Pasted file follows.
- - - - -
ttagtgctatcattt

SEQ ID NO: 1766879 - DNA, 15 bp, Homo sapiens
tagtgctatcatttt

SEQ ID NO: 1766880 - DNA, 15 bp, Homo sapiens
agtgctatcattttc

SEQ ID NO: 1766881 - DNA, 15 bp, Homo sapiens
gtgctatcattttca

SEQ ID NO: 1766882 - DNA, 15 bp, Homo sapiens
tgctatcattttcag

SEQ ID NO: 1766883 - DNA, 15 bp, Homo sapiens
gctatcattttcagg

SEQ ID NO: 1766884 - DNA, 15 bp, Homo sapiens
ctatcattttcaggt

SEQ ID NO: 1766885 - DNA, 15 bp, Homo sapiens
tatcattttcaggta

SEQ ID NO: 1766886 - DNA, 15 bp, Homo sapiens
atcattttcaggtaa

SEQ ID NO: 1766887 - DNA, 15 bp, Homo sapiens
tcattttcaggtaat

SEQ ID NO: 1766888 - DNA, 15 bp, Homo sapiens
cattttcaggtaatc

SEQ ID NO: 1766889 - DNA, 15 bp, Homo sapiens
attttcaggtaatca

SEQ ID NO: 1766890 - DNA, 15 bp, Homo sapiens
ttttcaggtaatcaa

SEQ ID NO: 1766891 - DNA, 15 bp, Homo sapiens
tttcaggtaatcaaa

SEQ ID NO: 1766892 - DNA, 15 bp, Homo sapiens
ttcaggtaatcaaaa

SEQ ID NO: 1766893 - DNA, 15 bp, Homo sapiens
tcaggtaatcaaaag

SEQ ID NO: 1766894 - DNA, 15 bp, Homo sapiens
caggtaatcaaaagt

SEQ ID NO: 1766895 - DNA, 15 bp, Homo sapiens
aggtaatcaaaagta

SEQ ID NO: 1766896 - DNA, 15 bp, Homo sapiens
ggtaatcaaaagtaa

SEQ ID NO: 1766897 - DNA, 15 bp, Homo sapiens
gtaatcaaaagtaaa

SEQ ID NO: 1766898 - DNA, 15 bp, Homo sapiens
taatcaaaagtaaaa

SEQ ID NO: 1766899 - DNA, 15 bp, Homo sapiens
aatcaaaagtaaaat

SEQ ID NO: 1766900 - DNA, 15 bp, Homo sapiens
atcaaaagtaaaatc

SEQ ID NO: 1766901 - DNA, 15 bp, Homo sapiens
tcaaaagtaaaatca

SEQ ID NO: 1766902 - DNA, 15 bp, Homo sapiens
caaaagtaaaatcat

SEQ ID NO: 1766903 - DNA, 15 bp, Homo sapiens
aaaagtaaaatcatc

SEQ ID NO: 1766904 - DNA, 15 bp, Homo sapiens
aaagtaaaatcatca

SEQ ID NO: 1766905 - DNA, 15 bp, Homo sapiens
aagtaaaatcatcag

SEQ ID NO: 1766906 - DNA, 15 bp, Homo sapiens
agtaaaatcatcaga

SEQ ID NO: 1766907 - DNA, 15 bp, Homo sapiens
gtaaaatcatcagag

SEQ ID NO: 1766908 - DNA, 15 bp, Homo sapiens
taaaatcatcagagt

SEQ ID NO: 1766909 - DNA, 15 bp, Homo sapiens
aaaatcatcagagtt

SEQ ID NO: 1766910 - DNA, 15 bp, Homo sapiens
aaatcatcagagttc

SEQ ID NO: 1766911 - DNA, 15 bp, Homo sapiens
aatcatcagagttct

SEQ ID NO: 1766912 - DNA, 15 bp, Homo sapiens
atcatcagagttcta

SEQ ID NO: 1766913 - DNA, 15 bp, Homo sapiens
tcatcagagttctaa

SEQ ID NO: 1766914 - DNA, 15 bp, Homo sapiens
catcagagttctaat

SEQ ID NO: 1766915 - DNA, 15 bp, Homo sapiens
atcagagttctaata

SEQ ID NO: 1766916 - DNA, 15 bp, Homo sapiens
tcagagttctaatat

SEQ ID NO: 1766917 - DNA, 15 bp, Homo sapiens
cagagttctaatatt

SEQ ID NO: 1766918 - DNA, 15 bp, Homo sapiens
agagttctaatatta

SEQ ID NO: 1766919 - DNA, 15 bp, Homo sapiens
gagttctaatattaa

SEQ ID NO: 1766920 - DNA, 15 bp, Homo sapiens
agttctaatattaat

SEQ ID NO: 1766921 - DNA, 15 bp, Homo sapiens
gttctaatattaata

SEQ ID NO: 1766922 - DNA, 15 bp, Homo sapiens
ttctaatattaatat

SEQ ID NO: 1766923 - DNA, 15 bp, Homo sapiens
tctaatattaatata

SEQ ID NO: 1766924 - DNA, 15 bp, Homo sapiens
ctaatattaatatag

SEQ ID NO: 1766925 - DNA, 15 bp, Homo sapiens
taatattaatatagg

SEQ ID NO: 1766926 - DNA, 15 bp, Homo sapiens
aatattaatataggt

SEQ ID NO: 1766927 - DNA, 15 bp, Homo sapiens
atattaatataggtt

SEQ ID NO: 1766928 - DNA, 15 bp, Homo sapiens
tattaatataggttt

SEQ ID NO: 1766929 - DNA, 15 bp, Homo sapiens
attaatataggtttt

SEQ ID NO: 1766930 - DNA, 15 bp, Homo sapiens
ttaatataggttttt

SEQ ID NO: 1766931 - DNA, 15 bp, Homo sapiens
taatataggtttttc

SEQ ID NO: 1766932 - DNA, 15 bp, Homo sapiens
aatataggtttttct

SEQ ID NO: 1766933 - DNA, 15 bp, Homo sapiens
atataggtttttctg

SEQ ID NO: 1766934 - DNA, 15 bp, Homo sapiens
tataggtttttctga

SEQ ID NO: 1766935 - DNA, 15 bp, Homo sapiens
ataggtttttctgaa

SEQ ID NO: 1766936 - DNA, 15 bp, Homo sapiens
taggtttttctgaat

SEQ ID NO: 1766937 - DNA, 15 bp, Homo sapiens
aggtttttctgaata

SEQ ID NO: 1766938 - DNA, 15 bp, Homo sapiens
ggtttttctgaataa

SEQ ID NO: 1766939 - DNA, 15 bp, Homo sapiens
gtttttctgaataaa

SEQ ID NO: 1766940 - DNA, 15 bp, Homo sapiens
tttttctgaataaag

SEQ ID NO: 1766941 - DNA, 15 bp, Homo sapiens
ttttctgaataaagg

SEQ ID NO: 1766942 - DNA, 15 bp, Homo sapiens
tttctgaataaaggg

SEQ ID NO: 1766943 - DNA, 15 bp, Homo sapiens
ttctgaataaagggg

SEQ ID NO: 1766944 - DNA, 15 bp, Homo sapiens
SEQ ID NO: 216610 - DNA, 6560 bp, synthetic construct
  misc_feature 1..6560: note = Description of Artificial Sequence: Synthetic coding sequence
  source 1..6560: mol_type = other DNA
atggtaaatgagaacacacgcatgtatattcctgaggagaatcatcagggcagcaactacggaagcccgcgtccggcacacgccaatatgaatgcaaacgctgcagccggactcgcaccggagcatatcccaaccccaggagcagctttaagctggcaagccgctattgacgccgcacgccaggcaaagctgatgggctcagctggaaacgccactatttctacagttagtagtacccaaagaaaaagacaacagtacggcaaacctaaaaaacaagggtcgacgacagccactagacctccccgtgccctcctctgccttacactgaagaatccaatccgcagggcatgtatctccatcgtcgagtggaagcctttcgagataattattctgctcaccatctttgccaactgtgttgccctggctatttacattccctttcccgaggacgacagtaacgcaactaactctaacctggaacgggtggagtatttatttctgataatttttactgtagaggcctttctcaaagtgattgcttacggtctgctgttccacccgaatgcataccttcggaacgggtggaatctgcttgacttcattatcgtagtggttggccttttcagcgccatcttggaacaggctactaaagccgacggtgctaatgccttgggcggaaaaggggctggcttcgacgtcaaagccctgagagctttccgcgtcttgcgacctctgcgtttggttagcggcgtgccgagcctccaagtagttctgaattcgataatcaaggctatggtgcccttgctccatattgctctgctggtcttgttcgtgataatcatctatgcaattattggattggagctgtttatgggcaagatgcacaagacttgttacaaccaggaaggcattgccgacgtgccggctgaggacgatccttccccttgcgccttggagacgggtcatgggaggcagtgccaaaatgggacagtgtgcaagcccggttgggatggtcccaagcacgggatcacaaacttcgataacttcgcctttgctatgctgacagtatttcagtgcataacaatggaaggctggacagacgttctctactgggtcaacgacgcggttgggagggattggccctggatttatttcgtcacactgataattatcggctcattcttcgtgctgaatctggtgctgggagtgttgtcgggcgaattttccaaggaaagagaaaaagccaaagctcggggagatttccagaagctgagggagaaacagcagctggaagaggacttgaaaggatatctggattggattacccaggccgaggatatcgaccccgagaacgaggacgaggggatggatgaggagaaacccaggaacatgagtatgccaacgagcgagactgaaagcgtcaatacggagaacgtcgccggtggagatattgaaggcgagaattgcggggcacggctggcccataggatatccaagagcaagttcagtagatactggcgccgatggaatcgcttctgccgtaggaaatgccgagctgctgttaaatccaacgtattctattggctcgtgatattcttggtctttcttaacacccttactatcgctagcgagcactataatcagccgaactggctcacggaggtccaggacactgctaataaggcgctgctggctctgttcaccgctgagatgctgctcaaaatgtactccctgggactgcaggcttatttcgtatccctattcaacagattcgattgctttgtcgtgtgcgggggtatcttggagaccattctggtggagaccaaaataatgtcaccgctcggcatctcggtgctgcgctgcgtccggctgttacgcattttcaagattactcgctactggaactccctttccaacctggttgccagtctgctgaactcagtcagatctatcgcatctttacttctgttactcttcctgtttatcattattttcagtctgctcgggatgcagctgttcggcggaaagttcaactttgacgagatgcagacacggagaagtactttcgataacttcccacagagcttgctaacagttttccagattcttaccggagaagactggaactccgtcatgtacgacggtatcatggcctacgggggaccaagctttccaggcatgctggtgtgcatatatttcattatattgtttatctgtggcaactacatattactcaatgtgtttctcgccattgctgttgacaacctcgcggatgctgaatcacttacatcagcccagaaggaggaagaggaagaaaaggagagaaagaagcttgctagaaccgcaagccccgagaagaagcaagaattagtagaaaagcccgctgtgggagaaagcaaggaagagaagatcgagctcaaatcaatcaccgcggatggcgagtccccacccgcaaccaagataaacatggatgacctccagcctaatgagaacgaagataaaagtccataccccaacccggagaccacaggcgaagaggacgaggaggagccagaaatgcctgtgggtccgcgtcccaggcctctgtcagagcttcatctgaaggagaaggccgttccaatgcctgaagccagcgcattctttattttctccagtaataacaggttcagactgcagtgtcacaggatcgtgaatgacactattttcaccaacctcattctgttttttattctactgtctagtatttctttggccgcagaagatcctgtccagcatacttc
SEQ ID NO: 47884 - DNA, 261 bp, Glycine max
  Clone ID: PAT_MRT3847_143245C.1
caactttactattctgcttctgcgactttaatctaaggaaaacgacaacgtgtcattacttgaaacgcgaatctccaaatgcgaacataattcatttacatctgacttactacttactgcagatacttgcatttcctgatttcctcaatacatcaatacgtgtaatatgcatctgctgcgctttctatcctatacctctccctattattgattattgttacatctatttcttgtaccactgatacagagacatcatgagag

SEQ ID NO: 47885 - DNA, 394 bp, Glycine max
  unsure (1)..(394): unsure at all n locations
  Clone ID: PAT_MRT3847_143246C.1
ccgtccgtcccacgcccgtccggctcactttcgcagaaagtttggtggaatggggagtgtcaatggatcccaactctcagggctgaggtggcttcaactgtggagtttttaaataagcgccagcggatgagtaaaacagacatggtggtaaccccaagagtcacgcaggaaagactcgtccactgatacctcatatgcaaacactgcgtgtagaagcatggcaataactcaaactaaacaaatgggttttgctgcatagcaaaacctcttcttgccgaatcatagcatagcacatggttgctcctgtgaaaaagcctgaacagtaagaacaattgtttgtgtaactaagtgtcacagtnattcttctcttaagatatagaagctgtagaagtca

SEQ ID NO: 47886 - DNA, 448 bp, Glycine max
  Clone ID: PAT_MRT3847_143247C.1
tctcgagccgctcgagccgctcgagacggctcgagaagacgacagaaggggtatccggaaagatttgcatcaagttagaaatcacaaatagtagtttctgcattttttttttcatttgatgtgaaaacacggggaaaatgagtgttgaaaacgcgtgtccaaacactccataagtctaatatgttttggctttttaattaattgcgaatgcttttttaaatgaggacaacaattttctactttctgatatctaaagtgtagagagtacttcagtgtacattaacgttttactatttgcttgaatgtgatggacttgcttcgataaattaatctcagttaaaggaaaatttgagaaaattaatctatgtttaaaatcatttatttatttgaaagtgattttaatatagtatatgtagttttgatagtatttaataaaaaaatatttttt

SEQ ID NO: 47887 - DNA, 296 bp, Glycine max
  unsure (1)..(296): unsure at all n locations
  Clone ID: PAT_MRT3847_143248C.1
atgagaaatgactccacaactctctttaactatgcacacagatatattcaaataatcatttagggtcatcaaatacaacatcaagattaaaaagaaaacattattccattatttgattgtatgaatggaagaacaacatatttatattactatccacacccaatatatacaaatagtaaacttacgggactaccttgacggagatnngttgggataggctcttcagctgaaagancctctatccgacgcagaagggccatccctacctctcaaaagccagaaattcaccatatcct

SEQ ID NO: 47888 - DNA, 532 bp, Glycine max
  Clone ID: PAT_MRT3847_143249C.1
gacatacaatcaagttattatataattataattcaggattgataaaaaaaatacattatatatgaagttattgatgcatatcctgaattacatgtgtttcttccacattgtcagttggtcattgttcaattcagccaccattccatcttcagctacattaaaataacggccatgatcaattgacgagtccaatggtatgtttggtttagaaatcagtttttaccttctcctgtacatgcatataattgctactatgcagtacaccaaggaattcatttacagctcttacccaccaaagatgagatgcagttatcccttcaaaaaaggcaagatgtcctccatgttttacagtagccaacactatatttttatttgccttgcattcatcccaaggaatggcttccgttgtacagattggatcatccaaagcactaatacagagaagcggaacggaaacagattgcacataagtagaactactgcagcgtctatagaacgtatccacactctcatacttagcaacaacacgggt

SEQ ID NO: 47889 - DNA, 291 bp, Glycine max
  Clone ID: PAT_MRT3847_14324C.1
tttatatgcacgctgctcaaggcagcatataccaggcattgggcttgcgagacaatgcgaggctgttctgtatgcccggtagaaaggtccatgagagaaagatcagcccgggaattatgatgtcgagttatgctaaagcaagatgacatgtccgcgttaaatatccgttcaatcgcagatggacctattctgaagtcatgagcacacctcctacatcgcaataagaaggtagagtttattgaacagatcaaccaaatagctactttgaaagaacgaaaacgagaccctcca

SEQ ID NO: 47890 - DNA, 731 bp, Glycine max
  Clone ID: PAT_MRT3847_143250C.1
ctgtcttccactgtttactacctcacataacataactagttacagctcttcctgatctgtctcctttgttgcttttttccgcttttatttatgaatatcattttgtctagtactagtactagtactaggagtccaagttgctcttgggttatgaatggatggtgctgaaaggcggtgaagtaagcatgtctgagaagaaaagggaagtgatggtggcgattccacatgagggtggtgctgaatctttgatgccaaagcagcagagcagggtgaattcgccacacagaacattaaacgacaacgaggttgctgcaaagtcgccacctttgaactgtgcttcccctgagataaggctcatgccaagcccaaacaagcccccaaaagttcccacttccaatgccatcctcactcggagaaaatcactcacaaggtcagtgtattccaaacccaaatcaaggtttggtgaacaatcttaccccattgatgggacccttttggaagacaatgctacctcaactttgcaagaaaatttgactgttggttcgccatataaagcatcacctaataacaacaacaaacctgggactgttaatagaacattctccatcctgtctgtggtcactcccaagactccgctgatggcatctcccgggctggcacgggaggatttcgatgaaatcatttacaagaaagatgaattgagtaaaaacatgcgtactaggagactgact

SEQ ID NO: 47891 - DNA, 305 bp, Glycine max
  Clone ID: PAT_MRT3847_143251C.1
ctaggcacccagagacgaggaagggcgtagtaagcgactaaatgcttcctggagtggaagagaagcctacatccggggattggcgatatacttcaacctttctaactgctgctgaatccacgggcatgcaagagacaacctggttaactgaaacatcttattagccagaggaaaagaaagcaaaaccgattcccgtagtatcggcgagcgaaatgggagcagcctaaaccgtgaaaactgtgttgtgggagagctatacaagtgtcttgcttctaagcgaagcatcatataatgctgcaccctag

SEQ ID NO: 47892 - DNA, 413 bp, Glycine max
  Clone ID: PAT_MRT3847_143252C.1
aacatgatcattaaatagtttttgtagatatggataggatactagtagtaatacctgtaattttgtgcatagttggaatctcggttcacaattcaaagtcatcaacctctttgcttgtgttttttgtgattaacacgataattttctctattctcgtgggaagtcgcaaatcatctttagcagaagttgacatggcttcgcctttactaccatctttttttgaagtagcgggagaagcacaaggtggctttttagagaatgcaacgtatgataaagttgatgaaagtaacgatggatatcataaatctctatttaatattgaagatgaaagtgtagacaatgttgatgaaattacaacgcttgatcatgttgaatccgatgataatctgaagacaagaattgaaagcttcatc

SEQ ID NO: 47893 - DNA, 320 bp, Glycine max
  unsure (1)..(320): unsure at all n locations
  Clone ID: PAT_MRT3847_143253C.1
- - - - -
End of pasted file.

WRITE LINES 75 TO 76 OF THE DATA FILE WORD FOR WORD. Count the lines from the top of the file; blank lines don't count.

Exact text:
atcagagttctaata

SEQ ID NO: 1766916 - DNA, 15 bp, Homo sapiens